Eco Basics

[This is the third part of my introduction to ecological thinking, Ecology 101. The photo was taken on the NSW south coast.]

ECO-BASICS: I = PAT, Carrying Capacity, Overshoot, Ecological Footprints, Ecological Justice

Ecologist Paul Ehrlich proposed the following IPAT formula for measuring any human ecological impact:

I(mpact) = (P)opulation x (A)ffluence x (T)echnology

Where P = the population number
A = affluence (in the strictly measurable sense of resource consumption per person or ‘ecological footprint’)
T = the technology used to provide that resource consumption


Although Ehrlich is known mainly for emphasizing the overpopulation issue, the I=PAT formula in fact provides an important refutation of any one-sided (‘Malthusian’) emphasis of overpopulation and mere population numbers as the main cause of the global eco-crisis. The formula actually shows how ecological impact is not a matter of sheer numbers of people but of how much these people directly and indirectly consume, their ‘ecological footprint’, and of what kinds of technologies they use to do so.

Thus, for example, a small, affluent population directly or indirectly consuming a lot of resources with wasteful and polluting, energy-intensive technologies (like us) will have a far greater ecological impact than a large, non-affluent population consuming little with simple, less energy-intensive technologies.

This is in fact how things really are in our inequitable world with regard to rich and poor countries: per capita resource consumption is immeasurably larger in rich, industrialised countries than in the poorer, less industrialised countries with larger populations.

One child born in a rich country (or to rich parents in a poor one) may have a total ecological impact or footprint during its lifetime that may, on average, be 10-100 times greater than that of a child born in a poor country. Almost daily meat eating, cars, disposables, frequent flying, energy-intensive foods, goods and lifestyles ‒ all of these exclusive prerogatives of the globally affluent have huge ecological footprints. In these global ecological terms, it is not the poor, but the rich countries and classes which are ‘overpopulated’. It is the rich who are killing the earth.

Locally, of course, there may be overpopulation in different parts of poor countries when local resources and biota are over-consumed. This has to do with the important notion of ecological carrying capacity, i.e. the biological limits of any ecosystem for the communities of organisms within that ecosystem.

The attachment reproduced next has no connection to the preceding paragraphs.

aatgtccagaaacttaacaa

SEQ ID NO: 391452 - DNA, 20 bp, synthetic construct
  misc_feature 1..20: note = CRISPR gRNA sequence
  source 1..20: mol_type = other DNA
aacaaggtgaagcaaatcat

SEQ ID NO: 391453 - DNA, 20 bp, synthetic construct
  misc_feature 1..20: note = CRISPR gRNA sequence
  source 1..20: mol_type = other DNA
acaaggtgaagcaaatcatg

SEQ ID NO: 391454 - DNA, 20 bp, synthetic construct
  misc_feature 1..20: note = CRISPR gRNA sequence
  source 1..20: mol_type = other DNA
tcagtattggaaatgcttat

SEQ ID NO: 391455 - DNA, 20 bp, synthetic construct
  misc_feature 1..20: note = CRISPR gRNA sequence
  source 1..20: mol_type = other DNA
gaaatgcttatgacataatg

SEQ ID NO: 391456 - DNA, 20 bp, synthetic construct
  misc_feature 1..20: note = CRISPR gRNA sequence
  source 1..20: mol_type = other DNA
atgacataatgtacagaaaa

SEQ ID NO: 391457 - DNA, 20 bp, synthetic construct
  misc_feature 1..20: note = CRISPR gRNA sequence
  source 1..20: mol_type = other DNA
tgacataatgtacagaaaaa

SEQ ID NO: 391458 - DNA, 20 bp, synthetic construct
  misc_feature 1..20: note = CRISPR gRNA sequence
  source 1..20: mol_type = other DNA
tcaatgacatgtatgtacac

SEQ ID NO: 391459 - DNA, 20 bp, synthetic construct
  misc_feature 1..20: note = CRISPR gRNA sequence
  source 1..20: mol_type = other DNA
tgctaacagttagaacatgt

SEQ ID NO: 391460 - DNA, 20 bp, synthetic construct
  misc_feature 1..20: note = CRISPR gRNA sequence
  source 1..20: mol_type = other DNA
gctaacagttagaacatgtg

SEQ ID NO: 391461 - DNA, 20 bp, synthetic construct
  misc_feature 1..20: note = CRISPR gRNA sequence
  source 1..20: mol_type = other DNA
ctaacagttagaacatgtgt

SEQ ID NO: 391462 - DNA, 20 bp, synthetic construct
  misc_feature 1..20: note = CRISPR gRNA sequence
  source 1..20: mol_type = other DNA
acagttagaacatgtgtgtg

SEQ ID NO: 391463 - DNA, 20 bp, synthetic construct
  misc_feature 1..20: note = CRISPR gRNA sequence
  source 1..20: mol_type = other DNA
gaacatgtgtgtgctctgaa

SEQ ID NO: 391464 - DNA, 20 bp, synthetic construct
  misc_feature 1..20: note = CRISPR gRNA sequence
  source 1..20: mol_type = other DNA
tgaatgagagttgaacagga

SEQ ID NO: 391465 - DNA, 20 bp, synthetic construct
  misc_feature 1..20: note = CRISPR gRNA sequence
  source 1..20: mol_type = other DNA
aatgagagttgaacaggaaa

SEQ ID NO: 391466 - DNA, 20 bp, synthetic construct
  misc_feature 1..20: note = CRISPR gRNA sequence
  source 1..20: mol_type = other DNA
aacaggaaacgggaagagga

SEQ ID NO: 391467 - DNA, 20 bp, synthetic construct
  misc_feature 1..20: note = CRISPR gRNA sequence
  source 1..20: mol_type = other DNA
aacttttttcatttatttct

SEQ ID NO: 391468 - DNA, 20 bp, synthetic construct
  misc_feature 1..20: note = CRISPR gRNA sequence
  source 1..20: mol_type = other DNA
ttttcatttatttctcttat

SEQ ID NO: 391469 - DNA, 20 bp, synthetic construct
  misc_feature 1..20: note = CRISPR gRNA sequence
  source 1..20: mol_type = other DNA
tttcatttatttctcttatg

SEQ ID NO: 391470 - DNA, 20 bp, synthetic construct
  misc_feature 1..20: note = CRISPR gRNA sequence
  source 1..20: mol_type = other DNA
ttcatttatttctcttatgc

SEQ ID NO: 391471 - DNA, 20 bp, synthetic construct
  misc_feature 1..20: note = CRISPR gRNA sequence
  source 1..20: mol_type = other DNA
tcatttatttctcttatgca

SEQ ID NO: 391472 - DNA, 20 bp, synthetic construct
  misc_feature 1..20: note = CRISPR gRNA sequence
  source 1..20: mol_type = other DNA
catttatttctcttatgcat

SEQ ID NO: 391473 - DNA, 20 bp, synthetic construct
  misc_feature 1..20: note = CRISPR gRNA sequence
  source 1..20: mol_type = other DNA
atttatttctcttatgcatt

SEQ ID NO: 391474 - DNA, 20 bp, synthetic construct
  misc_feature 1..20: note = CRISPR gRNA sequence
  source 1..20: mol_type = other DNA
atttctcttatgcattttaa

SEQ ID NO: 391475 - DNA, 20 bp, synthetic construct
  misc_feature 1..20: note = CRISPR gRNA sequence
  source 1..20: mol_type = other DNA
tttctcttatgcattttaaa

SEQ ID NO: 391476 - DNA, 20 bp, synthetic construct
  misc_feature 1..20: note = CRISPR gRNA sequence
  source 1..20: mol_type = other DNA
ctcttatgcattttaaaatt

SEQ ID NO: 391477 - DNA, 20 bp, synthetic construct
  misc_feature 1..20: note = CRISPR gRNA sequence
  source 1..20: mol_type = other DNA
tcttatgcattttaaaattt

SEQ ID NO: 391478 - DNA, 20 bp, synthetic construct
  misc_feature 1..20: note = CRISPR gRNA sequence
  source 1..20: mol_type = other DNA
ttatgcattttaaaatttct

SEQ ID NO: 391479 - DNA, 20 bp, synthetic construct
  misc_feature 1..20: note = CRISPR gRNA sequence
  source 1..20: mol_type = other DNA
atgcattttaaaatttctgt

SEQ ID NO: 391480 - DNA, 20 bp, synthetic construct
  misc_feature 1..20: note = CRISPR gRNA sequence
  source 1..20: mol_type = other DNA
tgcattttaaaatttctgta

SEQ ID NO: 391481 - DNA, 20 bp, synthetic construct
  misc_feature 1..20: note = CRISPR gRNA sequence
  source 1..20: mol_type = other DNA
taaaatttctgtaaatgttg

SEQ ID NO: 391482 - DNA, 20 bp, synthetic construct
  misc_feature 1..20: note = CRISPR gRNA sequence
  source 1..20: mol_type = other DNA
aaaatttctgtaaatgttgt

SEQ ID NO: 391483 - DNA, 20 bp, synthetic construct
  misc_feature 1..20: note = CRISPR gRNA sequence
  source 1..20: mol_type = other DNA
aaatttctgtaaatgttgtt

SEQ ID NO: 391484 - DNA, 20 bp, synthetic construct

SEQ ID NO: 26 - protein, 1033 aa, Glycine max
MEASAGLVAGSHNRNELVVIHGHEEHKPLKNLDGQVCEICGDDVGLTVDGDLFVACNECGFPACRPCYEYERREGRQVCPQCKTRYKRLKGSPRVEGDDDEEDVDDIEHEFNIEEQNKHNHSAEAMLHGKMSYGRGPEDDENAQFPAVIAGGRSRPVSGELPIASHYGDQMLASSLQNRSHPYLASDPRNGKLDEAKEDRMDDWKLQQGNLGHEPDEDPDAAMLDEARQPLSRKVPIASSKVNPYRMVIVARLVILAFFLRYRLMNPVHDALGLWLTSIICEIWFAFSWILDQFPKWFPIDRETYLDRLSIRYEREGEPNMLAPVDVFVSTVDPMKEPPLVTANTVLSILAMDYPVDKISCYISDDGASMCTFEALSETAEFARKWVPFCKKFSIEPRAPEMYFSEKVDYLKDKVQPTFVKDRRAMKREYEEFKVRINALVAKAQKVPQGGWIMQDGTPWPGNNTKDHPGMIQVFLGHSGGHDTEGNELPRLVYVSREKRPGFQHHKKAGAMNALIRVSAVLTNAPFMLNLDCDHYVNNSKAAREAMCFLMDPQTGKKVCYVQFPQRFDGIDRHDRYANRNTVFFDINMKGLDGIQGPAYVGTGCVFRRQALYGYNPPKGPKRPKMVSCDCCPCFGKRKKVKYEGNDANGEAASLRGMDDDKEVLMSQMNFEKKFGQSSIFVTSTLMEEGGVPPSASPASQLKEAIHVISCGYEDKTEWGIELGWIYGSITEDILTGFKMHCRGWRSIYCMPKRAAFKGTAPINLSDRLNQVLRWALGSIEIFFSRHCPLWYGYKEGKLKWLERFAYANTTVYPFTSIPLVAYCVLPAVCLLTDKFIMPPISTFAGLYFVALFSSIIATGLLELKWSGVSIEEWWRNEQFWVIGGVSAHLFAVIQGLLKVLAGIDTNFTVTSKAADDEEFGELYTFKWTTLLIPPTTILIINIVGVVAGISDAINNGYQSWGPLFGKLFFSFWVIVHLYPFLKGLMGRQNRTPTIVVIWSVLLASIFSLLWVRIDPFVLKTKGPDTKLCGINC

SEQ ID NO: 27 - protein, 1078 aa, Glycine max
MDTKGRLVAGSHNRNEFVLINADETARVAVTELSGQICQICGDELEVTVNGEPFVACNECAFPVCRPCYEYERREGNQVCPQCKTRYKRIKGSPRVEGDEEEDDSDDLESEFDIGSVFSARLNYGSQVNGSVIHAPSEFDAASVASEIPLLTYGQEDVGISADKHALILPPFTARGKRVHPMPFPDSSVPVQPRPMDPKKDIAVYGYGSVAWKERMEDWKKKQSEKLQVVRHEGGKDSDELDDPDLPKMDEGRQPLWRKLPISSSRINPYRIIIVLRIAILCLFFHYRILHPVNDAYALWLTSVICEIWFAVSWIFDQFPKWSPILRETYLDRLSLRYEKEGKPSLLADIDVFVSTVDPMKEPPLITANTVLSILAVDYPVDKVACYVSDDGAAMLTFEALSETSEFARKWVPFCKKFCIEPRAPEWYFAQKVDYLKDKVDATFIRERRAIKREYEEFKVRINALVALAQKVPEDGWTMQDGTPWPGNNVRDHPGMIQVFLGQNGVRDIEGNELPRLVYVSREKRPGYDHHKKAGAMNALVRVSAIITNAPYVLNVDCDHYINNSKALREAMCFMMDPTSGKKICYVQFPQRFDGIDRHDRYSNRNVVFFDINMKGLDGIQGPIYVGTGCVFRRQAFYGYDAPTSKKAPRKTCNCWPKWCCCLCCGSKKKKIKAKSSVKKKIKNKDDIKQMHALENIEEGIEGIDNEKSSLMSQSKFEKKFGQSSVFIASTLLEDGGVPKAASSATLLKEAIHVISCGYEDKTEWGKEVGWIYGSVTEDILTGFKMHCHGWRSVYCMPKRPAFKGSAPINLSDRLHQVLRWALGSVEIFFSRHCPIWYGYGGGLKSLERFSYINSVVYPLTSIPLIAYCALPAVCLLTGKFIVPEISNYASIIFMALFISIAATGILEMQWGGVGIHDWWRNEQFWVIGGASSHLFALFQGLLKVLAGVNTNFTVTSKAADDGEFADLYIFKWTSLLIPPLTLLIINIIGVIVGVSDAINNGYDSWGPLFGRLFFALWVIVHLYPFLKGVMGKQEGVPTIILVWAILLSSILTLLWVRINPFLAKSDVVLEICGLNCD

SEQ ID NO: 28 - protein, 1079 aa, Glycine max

Any system can support only so many organisms with a certain level of impact on the system as a whole. If the numbers of organisms, or communities of organisms, and their total cumulative impacts increase beyond (‘overshoot’) this critical point of maximum carrying capacity, the system will be severely stressed and disturbed. If it then cannot at some point regain its previous level of functioning or dynamic equilibrium, it will ultimately collapse into another, less complex state. It will be in ‘overshoot’. A paddock or savannah system, for example, can only support a certain number of stationary herbivores like cattle, sheep, goats or deer before it is overgrazed and then degrades and ultimately turns into an eroded, arid wasteland or desert.

Like many a local civilization before it (e.g. Mesopotamian, Roman, Mayan), our global civilization as a whole has been in ‘overshoot’ since perhaps the 1980s, i.e. human resource consumption and technological use has gone beyond the earth’s carrying capacity.

We are now consuming roughly ‘one and a half earths’, clearly a situation of ‘ecological debt’ or ‘overdraft’ that cannot long continue without massive disturbances and collapses of ecosystems and mass species extinctions (as is happening). As a species we are living unsustainably beyond our means, living off the earth’s natural ‘capital’, not its ongoing ‘income’, and thus destroying the very life support systems that make human civilization possible.

Rich people’s and countries’ ecological debt is not just a present one. Climate chaos, for example, is due to the immense amount of greenhouse gases released by fossil-fuelled economic growth in the rich industrialised countries in past and present. Both in historical aggregate and per capita, the carbon emissions debt of the rich countries and classes is immeasurably higher than those of the poor countries and classes, which will in many cases be experiencing more suffering as a result of climate chaos.

This is not fair. The ethical notions of ‘climate justice’ and ‘ecological justice’ thus mean that the rich should be paying back their ecological debt by compensating the poor, redistributing wealth and land and transferring wealth by funding ecologically sustainable development to eradicate poverty and the transition to more equitable, lower-energy societies. Ecological justice is inseparable from social justice in the sense of greater equality and wealth redistribution.

Also, since the economic pie can no longer grow without destroying the earth’s life support systems, the economic pie has to be redistributed. This is why ecology and ecological limits have such socially radical implications.


~ by Peter Lach-Newinsky on August 15, 2012.

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